We sampled all the available engine choices including the 375-hp 5.7-liter Hemi V-8, the new 485-hp 6.4-liter Hemi V-8 and the new 707-hp supercharged 6.2-liter Hemi V-8 Hellcat. The Performance levels of the V-8 engines were especially impressive with 0 to 60 mph times of 5.5-seconds, 4.1-seconds and in the mid to high 3 second range respectively. The Hellcat has one very interesting feature that allows the owner to maintain more control over the stable. Start the car with the black key fob and the engine output is limited to 500 horsepower. Start the car using the red key fob and the driver has access to the whole herd ? 707 hp.
Other notable Hellcat numbers included a quarter-mile time of 11.2 seconds and 125 mph. (With drag radial tires it has a NHRA-certified time of 10.8 seconds. To put that number in perspective, that is the same quarter mile time as a Porsche 911 Turbo.) Chrysler says the top speed is limited to 199 mph, but unofficially we heard it will do 207 mph. We like speed, but those numbers are scary.
Journalists had a chance to sample the straight line quarter mile acceleration at the Portland International Raceway and mostly what we saw was a lot of tire smoke when hot dog drivers or inexperienced drag racers tried to accelerate too fast.
The new eight-speed TorqueFlite automatic transmission (which is developed with ZF) is standard on the V-6 models, while all the V-8s come with a standard six-speed manual with a heavy-duty version of the eight-speed automatic as an option. The manual has a fuel-saving function with a fuel-saving 1-4 skip-shift sequence.
Driving on the twisty roads through the Columbia River Gorge, we sampled the V-6 and the 5.7-liter Hemi models and thought the handling was good, but there was some body lean and they felt a little bulky on the narrow roads. One of the available packages easily flattens the handling as we discovered on the track. We thought the new electric steering system was precise and communicative.
Later in the day at the Portland International Raceway we had a chance to drive the car on the 1.967-mile road course. We always appreciate when a manufacturer arranges for track time for the high performance cars ? otherwise, it?s difficult to get a full appreciation for the car. Driving several different Challengers on the track confirmed excellent handling and brakes especially on the SRT models that were equipped with the legendary Brembo brake system.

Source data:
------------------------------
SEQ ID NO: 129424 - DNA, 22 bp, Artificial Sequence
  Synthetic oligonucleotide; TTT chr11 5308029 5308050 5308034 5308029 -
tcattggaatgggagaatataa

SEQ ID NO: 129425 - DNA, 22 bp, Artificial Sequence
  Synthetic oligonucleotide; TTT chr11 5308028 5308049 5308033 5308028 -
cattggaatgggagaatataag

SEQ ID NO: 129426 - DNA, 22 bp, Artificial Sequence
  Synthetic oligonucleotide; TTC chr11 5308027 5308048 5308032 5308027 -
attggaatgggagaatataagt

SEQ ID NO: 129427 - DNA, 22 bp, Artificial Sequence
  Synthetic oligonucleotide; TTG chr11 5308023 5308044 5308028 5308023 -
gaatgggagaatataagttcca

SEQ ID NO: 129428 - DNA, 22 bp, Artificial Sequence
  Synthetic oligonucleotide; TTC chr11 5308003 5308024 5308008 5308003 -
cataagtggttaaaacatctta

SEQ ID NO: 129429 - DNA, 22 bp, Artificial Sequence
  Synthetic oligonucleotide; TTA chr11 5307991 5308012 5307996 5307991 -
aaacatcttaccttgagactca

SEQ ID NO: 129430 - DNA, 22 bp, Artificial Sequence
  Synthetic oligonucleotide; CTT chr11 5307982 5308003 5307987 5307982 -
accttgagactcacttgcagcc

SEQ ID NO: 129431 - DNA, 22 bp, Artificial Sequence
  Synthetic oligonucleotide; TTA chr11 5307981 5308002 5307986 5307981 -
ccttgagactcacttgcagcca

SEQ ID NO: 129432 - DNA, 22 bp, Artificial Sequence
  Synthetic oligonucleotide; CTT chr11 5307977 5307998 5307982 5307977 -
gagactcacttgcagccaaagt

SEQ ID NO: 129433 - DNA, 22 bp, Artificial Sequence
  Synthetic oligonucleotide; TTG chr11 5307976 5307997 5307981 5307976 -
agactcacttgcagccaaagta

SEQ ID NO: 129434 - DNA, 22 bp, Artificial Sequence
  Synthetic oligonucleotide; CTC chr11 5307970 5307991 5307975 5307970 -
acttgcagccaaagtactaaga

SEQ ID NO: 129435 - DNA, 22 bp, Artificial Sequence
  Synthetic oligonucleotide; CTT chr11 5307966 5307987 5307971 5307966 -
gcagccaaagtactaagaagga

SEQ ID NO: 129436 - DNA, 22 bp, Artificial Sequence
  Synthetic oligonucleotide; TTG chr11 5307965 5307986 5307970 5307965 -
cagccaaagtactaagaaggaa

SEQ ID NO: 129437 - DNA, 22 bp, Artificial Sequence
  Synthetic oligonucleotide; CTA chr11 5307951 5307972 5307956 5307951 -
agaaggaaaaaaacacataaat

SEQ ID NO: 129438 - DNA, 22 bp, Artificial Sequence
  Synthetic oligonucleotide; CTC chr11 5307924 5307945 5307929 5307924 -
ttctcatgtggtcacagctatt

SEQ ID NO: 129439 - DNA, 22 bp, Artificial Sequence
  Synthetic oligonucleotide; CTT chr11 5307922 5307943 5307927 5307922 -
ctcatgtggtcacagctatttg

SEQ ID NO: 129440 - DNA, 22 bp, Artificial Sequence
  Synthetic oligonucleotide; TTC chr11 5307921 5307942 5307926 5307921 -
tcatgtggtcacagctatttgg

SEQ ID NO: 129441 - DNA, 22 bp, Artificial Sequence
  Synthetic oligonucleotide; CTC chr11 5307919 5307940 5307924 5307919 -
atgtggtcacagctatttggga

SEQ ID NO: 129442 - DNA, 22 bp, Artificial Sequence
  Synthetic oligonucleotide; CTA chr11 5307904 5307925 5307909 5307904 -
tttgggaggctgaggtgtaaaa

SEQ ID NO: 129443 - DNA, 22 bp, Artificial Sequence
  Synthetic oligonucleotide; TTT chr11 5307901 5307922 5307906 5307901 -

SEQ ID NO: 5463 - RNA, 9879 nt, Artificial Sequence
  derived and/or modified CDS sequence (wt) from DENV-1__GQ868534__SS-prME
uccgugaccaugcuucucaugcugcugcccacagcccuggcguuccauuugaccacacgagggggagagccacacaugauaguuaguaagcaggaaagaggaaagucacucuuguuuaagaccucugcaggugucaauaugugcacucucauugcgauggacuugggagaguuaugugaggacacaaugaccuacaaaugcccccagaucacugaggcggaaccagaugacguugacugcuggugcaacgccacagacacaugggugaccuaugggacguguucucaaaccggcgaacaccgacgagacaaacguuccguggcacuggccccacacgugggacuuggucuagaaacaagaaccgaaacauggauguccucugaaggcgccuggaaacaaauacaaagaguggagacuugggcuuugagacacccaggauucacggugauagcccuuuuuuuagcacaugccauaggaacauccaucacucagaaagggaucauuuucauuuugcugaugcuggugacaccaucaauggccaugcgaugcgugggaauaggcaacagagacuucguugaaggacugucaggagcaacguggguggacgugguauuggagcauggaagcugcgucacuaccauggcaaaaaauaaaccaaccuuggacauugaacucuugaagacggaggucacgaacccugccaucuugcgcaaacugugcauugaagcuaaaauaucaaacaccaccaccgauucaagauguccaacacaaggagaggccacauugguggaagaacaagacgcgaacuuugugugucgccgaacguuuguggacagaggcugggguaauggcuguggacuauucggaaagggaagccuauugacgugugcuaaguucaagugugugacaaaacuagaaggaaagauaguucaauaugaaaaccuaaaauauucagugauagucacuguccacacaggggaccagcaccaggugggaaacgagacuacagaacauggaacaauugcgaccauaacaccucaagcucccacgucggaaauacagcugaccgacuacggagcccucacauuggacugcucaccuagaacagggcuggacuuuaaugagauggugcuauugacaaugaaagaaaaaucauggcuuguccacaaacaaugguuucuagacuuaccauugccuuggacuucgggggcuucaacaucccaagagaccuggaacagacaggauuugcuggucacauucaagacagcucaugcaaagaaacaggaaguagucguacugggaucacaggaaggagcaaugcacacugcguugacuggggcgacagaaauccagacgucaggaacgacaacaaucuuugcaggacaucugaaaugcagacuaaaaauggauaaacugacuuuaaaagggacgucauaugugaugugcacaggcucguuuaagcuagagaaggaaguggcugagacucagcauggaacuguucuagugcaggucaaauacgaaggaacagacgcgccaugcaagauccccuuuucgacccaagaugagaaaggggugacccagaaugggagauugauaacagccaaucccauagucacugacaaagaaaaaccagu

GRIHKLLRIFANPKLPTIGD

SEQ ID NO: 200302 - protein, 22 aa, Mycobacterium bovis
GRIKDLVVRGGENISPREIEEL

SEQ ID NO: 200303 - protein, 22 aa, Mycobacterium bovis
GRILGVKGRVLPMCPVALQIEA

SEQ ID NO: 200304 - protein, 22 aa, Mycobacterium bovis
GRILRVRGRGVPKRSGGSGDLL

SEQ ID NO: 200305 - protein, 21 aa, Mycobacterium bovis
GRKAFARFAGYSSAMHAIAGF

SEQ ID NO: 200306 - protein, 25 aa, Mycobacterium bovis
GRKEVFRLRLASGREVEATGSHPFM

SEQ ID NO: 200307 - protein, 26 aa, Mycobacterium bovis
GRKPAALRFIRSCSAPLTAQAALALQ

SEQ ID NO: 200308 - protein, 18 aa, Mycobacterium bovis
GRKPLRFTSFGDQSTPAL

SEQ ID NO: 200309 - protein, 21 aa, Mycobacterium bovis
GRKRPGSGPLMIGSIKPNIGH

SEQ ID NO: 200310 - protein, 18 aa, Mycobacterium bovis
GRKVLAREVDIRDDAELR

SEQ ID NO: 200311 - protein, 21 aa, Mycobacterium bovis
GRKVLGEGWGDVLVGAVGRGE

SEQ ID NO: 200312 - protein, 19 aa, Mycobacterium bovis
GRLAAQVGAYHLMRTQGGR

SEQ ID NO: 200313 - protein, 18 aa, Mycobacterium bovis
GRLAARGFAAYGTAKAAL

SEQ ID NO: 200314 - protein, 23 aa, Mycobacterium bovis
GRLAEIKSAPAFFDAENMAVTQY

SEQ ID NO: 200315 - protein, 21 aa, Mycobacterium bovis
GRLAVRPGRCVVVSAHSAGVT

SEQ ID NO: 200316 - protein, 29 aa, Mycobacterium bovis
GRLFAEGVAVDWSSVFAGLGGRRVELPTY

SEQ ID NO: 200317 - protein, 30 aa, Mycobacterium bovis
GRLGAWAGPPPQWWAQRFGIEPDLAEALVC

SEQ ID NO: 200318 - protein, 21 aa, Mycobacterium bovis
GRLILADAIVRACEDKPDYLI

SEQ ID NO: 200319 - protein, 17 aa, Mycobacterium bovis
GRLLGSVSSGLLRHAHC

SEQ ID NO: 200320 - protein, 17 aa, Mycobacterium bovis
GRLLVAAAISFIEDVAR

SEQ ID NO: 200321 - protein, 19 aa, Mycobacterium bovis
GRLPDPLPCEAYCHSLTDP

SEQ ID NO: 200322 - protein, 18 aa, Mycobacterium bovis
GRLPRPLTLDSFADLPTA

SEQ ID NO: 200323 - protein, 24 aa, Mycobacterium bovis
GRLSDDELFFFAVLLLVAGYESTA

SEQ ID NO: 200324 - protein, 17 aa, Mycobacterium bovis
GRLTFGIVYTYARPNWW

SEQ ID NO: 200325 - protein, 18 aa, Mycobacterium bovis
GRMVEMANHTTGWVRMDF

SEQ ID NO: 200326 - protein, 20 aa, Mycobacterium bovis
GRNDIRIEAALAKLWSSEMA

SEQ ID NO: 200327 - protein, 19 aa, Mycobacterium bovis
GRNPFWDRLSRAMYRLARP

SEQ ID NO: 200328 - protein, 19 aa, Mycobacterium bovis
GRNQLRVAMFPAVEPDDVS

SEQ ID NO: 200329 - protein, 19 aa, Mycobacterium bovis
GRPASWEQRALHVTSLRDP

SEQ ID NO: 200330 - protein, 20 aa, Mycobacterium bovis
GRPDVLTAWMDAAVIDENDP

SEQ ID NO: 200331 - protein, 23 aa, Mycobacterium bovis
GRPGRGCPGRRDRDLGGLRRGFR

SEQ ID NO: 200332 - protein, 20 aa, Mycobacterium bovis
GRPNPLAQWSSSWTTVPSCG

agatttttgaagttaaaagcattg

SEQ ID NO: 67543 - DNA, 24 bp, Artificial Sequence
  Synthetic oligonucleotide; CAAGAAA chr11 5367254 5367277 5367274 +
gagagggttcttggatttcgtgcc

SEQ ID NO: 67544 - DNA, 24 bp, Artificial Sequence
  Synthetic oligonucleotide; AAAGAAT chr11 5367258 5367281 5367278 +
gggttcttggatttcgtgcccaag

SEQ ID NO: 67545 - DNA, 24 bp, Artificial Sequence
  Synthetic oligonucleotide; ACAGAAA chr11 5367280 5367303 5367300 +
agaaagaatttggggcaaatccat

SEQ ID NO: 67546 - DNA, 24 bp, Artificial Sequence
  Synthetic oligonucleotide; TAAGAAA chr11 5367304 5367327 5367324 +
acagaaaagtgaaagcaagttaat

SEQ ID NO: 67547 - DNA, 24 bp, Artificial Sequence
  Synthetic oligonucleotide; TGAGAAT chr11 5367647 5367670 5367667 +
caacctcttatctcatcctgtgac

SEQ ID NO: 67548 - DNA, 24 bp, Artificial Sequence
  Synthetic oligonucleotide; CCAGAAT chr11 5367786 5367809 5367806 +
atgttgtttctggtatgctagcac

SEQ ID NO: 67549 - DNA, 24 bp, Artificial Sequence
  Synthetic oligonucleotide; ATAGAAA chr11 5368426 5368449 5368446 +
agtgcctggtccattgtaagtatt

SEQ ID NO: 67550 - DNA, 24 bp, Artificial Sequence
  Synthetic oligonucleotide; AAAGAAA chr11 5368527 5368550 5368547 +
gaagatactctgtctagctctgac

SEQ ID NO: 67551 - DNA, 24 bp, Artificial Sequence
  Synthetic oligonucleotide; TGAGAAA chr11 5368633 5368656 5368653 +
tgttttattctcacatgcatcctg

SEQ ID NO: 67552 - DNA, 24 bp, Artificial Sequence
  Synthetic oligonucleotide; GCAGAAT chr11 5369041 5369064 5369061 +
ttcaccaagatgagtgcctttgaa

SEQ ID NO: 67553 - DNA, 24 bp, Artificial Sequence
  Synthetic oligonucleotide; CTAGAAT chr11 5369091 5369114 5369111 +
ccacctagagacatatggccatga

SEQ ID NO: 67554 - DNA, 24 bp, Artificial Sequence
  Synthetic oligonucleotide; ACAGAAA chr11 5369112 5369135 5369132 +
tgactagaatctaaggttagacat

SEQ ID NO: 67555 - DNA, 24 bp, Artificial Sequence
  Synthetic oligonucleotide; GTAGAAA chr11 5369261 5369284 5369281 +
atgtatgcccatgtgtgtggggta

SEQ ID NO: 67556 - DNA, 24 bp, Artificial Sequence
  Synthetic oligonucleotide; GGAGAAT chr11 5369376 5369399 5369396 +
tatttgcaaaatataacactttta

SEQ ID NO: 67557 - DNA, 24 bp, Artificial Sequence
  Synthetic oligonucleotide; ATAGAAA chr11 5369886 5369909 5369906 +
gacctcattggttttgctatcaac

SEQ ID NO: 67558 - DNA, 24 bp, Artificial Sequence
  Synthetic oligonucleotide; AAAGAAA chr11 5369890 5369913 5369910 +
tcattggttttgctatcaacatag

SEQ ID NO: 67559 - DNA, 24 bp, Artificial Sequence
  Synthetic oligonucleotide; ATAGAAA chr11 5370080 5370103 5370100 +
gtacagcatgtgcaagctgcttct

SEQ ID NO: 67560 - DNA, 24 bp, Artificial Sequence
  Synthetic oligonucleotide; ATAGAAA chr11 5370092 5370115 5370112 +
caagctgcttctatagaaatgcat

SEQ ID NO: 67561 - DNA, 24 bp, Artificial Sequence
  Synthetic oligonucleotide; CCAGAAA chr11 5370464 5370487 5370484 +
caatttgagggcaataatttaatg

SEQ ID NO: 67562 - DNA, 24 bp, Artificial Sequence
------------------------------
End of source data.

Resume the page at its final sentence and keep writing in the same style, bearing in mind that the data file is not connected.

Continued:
In addition to driving on the track, we both took a ride with a much more experience driver to check out the full potential of the Hellcat model. Barb rode with a professional race driver in the Hellcat with the automatic transmission and Bill rode with the chief Challenger development engineer driving a manual transmission and the cars played follow the leader for several laps. The engineer, who had spent hundreds of hours driving the Challenger at speed, was fast, smoothly drifting the corners and getting excellent times. Interestingly, on the straight stretches the race driver actually pulled away from the manual transmission car because the automatic transmission shifted so much faster than the engineer was able to shift the manual transmission car. The engineer admitted, if he were buying the Hellcat, he would buy the automatic.
Until someone else comes out with something better, any discussion of muscle or performance cars should start with the 2015 Dodge Challenger.
Buying a performance car is a complex process of selecting the features that best suit the driver?s style and personality. The 2015 Dodge Challenger can be custom tailored to an amazing degree and at a wide range of prices. Learn more about this amazing car at http://www.dodge.com/en/reveal/challenger/
Since the Challenger debut, Dodge has announced a Hellcat version of the Charger which will have a similar level of performance as the Challenger ? we?ll have more on the Charger Hellcat at a later date.